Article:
This year, Byrd has completely turned it around and is the pitcher Shapiro originally envisioned. After Sunday’s win, in which Byrd went eight innings, he is now 4-1. His ERA is 3.55 and he has pitched at least six innings in every start. His control has been phenomenal. He has walked only three batters all season and two of those came in his first official start against Chicago on April 14, a game the Indians won 4-0. In his two no-decisions, he’s given up only three earned runs. Peralta, as an everyday player, may be a more visible reason for the resurgence of the Indians this year, but Byrd has been no less effective.

Next is Casey Blake. At times this season, Blake has reminded fans of Aaron Boone last year, which isn’t a good thing. Early in the season, Blake simply wasn’t hitting. On April 10, following the fourth game of the year, his average was .312. Eleven days later, he was hitting .188. By May 2nd, his average had climbed to .202. But since then, he’s been on a virtual tear (for him). Following yesterday’s game he’s hitting .255, which is essentially equal to his career total of .260.

Though Blake will never be much of an offensive force for the club, what is interesting is that he is hitting .282 batting in the second slot in the order this year. He’s also hitting .267 since being reinserted as the regular third baseman. In the field, Blake’s defense at third base has been terrific, particularly for a defensively-challenged team. Marte, in 13 games, had committed 4 errors. Blake has appeared at third base in more than twice as many games—32--this year and only has four errors. His fielding average is .945, a significant improvement over Marte’s .857. These statistics are the reason the Indians waited until the last possible minute to bring Marte back from his rehabilitation assignment. Simply, Blake, for all his shortcomings, has stabilized the lineup thus far in a way that Marte, whose upside far exceeds Blake, couldn’t.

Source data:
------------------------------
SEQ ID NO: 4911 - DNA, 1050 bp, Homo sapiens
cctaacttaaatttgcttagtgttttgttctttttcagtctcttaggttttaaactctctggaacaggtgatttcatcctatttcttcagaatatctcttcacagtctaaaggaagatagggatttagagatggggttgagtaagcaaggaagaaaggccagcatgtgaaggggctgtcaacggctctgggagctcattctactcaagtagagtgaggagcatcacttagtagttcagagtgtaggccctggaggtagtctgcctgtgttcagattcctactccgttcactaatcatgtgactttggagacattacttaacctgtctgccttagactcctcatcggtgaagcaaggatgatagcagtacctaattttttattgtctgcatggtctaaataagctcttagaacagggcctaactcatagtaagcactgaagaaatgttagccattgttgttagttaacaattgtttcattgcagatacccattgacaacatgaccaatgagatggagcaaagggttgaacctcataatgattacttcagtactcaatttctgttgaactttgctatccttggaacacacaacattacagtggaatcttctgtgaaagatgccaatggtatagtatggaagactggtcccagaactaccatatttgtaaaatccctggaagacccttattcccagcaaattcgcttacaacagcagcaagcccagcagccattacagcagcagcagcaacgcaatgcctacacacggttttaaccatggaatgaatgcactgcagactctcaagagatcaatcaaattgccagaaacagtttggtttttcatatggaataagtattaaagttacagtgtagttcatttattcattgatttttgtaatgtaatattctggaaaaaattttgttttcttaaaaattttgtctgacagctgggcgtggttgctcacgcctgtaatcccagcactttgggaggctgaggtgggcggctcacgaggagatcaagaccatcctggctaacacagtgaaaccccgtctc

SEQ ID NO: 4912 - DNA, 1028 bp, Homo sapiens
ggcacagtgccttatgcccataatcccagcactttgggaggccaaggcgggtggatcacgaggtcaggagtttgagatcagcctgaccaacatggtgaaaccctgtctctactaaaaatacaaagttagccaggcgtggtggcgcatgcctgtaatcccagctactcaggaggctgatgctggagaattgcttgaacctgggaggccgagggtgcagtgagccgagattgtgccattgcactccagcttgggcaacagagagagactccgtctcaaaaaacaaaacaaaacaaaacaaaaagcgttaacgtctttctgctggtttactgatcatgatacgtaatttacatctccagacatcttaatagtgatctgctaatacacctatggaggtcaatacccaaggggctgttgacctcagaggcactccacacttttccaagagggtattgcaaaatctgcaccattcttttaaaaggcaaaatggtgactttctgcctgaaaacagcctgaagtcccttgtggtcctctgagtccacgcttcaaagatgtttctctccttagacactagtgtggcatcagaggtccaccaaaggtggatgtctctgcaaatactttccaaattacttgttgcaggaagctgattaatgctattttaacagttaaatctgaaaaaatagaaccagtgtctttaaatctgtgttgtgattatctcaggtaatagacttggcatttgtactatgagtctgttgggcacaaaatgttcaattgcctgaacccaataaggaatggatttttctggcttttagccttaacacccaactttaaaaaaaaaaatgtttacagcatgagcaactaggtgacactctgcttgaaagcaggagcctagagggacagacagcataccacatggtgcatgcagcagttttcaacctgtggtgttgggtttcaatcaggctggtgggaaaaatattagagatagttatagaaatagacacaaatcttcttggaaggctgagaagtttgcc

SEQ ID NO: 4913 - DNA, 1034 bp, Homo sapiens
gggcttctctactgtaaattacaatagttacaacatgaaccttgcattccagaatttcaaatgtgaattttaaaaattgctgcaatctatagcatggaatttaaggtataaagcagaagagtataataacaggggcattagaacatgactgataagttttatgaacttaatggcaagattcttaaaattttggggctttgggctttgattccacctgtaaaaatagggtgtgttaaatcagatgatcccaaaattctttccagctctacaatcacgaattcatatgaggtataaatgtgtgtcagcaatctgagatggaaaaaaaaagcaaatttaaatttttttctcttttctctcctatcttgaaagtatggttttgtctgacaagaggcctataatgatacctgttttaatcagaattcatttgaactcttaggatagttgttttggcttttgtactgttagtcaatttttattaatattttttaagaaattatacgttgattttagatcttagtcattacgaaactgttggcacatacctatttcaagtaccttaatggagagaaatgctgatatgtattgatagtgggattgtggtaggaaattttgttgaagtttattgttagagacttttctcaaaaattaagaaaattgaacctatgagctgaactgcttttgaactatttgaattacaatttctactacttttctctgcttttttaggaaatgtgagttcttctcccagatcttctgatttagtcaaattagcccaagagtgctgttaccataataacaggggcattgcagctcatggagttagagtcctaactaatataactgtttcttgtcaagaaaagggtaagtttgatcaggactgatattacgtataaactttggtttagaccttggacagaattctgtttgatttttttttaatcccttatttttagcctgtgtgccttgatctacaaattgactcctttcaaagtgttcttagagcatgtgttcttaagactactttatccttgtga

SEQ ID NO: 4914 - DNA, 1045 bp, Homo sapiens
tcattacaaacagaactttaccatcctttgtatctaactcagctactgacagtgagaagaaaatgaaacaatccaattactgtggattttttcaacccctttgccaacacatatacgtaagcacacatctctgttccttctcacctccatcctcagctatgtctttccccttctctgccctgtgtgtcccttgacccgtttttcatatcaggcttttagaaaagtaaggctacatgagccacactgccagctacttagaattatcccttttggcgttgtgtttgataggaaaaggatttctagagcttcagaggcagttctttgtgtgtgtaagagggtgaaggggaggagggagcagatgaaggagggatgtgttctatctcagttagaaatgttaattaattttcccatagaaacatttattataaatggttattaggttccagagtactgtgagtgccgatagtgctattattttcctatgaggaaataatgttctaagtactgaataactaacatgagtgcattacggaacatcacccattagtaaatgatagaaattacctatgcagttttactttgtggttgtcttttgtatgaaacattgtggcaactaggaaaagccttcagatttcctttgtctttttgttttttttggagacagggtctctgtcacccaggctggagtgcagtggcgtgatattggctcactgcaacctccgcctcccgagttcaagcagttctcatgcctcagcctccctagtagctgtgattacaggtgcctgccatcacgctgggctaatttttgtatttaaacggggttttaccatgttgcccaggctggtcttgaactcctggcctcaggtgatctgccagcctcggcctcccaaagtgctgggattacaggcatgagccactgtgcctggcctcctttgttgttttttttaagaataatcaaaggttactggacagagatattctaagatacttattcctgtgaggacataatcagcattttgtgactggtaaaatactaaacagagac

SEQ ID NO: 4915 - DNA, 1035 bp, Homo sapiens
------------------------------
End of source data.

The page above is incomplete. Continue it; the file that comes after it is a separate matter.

Next up is Fausto Carmona. His pitching thus far has been the biggest, most pleasant surprise for Indians fans in years, particularly after the way he imploded in such a spectacular fashion last year when he was used in the closer role following the trade of Wickman. This truly is where luck comes in and is why, for all the statistics Shapiro and his staff may want to crunch, success is so difficult to predict. If not for the early season injury to Cliff Lee, followed closely by the eerily similar injury to Jake Westbrook, Carmona would be toiling at Triple A. But since losing his first start on April 13, in which he didn’t make it out of the fifth inning of a game against the White Sox, Carmona has given up only eight earned runs in six starts, culminating in last week’s brilliant shutout of the Twins. When Westbrook returns, the guess is that Jeremy Sowers, who has been ineffective all season, will find his way back to Buffalo while Carmona finds himself pitching in the All Star game.